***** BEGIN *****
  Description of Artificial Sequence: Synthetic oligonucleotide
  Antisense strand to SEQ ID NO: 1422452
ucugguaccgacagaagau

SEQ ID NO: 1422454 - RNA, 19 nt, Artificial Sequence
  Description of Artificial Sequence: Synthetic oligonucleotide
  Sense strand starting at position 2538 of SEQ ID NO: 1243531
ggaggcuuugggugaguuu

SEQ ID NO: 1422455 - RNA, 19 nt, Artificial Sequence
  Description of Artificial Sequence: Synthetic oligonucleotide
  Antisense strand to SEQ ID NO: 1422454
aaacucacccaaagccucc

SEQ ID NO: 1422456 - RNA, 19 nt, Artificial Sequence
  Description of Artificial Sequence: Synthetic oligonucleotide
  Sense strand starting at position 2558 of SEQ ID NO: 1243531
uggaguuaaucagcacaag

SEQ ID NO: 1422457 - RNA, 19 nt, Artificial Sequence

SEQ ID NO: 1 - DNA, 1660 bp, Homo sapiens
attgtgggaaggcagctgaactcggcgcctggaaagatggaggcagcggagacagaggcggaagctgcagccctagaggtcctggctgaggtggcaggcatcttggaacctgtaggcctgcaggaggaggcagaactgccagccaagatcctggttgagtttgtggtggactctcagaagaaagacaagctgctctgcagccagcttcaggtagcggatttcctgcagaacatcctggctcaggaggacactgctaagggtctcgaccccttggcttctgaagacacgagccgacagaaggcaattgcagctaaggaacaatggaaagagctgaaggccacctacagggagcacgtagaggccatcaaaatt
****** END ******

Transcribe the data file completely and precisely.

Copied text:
  Description of Artificial Sequence: Synthetic oligonucleotide
  Antisense strand to SEQ ID NO: 1422452
ucugguaccgacagaagau

SEQ ID NO: 1422454 - RNA, 19 nt, Artificial Sequence
  Description of Artificial Sequence: Synthetic oligonucleotide
  Sense strand starting at position 2538 of SEQ ID NO: 1243531
ggaggcuuugggugaguuu

SEQ ID NO: 1422455 - RNA, 19 nt, Artificial Sequence
  Description of Artificial Sequence: Synthetic oligonucleotide
  Antisense strand to SEQ ID NO: 1422454
aaacucacccaaagccucc

SEQ ID NO: 1422456 - RNA, 19 nt, Artificial Sequence
  Description of Artificial Sequence: Synthetic oligonucleotide
  Sense strand starting at position 2558 of SEQ ID NO: 1243531
uggaguuaaucagcacaag

SEQ ID NO: 1422457 - RNA, 19 nt, Artificial Sequence

SEQ ID NO: 1 - DNA, 1660 bp, Homo sapiens
attgtgggaaggcagctgaactcggcgcctggaaagatggaggcagcggagacagaggcggaagctgcagccctagaggtcctggctgaggtggcaggcatcttggaacctgtaggcctgcaggaggaggcagaactgccagccaagatcctggttgagtttgtggtggactctcagaagaaagacaagctgctctgcagccagcttcaggtagcggatttcctgcagaacatcctggctcaggaggacactgctaagggtctcgaccccttggcttctgaagacacgagccgacagaaggcaattgcagctaaggaacaatggaaagagctgaaggccacctacagggagcacgtagaggccatcaaaatt